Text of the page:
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ARS Home » Midwest Area » St. Paul, Minnesota » Plant Science Research » Research » Publications at this Location » Publication #91139


item Samac, Deborah - Debby

Submitted to: Southern Pasture and Forage Crop Improvement Conference Proceedings
Publication Type: Proceedings
Publication Acceptance Date: 4/27/1998
Publication Date: N/A
Citation: N/A

Interpretive Summary:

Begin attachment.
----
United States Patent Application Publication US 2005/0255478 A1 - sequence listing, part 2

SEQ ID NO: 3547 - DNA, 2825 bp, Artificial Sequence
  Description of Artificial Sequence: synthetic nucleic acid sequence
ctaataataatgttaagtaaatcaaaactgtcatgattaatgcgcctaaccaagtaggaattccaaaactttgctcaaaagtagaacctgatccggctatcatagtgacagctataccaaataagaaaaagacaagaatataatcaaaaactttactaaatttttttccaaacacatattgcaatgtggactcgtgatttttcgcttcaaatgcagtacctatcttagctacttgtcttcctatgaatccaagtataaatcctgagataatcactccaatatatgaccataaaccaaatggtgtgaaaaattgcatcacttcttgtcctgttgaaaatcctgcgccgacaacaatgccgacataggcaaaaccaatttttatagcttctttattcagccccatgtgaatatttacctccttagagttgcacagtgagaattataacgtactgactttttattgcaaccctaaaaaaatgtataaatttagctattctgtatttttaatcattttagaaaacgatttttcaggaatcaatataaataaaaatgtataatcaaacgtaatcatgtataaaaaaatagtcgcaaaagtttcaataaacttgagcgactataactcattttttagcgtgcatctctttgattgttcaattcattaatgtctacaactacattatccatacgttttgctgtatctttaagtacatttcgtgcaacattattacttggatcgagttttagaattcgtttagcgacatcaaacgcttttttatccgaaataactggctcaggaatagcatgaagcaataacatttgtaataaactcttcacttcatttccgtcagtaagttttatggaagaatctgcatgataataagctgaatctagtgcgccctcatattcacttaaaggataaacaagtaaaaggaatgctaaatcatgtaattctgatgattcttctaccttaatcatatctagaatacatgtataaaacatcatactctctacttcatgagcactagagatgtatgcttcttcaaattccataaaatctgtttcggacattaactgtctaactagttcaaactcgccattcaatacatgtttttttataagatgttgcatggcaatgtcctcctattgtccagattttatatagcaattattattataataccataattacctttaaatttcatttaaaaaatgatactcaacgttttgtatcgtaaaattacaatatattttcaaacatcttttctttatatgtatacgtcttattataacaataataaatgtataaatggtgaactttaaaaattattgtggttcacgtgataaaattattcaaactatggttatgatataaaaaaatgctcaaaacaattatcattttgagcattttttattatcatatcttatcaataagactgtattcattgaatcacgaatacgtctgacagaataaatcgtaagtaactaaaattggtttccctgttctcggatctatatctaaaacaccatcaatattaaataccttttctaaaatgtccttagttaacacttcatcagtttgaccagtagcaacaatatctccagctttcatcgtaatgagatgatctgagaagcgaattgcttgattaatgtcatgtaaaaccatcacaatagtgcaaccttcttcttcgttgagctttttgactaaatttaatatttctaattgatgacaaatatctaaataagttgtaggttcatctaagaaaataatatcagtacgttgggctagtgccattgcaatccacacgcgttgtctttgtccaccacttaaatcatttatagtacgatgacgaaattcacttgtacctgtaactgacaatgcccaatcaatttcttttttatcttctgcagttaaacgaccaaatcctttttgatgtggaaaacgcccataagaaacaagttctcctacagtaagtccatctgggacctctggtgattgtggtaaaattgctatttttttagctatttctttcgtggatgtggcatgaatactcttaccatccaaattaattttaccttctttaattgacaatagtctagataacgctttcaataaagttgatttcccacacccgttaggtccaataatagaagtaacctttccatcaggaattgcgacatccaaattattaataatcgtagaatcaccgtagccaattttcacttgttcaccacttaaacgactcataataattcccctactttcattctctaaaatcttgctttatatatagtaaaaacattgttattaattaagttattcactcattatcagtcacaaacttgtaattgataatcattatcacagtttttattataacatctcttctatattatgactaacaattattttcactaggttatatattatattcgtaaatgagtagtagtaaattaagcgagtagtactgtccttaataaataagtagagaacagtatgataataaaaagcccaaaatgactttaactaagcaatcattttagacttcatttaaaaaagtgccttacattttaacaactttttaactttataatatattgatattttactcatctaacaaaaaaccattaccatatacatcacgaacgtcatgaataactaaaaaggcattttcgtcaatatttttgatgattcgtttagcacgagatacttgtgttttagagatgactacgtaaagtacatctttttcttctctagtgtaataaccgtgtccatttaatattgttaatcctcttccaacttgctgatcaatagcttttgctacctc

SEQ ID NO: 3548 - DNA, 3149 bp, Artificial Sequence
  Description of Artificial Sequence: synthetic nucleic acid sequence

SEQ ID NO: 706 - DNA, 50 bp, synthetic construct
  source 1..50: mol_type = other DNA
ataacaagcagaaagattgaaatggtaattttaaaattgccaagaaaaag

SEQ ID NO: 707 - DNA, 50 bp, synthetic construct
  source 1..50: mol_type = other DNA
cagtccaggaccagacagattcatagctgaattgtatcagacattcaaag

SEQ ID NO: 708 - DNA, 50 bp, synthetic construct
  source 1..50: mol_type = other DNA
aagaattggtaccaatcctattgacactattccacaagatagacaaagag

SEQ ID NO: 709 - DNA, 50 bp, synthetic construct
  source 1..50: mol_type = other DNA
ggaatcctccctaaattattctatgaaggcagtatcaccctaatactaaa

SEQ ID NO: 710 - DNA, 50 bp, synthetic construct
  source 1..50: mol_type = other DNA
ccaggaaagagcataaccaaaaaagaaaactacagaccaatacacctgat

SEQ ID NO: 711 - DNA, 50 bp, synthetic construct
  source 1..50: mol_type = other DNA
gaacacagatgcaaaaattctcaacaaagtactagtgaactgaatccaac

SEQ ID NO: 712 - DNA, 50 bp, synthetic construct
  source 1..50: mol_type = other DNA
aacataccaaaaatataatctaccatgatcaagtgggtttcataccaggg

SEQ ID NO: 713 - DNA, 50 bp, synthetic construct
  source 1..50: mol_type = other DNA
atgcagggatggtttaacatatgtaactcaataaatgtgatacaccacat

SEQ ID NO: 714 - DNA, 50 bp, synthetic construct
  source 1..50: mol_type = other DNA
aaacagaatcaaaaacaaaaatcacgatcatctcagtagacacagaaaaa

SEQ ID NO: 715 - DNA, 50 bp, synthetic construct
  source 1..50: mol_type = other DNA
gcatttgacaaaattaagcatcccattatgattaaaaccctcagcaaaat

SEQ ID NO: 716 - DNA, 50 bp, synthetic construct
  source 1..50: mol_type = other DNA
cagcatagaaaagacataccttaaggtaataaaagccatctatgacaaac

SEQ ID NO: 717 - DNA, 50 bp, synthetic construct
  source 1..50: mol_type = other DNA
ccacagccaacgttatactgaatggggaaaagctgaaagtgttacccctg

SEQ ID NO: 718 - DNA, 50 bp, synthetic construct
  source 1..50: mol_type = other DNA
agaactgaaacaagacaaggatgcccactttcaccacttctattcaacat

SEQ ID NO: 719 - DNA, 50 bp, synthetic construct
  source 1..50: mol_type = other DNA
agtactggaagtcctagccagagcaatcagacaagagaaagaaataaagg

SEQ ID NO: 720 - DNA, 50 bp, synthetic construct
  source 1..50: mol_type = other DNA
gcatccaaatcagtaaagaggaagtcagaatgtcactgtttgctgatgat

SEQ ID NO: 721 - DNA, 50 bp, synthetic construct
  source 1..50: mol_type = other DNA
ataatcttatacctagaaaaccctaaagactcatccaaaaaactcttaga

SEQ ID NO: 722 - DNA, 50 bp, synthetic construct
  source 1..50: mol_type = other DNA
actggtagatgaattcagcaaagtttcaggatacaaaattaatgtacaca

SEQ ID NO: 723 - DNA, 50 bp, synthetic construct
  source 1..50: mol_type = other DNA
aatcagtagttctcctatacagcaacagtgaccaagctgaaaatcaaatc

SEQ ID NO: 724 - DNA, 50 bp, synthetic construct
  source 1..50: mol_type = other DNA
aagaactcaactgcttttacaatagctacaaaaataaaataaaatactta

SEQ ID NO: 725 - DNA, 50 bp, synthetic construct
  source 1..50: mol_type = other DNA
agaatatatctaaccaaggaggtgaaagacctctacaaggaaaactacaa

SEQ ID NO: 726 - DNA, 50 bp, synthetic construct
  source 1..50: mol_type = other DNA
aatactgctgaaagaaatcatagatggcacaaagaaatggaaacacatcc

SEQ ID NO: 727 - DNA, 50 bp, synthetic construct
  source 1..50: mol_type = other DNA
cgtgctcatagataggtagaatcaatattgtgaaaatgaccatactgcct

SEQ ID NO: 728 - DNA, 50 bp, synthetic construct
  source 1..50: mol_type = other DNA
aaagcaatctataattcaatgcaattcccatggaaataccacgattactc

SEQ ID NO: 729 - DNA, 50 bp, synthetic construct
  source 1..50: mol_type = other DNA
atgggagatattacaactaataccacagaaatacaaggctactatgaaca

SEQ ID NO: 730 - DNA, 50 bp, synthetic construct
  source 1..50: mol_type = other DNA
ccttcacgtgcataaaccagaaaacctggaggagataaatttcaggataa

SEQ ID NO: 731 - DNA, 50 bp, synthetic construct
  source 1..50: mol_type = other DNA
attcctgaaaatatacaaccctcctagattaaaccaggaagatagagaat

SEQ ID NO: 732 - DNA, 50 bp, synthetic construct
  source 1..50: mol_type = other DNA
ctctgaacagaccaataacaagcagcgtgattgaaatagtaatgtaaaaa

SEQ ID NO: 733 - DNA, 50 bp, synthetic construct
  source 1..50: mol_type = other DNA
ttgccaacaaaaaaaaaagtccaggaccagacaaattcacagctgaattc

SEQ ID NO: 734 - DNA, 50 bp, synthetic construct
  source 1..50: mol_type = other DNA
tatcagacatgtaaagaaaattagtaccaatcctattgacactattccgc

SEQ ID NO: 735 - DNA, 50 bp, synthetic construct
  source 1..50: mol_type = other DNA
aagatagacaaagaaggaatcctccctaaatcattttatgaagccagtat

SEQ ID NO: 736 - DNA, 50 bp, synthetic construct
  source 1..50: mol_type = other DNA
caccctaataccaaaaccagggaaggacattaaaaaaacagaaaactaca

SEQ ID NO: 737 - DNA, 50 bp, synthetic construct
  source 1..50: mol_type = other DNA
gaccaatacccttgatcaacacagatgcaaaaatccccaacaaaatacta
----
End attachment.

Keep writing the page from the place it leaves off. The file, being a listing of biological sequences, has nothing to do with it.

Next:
Technical Abstract: Alfalfa varieties have been developed that are adapted to a wide range of environmental conditions and soil types. Considerable success has also been achieved in breeding for pest and disease resistance. However, alfalfa plants are vulnerable to a number of biotic and abiotic stresses that can limit crop production. One means of ameliorating stresses is by modifying plants by gene transfer techniques. This paper will review some of the recent advances in genetic engineering of alfalfa for improved stress tolerance, specifically: means of transforming alfalfa and gene transfer strategies for increasing tolerance to water deficit, freezing, light deficit, and acid soils. The result of a number of plant stresses is the production of active oxygen species. Expression of a gene encoding superoxide dismutase in transgenic alfalfa is associated with increased tolerance to water deficit and freezing stress. To diminish effects of light deficit on alfalfa leaves, a chimeric gene composed of a senescence-specific promoter fused to a gene for cytokinin synthesis was introduced into alfalfa. As a result, the rate of senescence was reduced in leaves of some plants. Alfalfa roots are sensitive to aluminum present in acidic soils. Transgenic alfalfa plants were produced for increased tolerance to aluminum. These and other results have established that gene transfer techniques are a promising means of improving crop plants for tolerance to stress.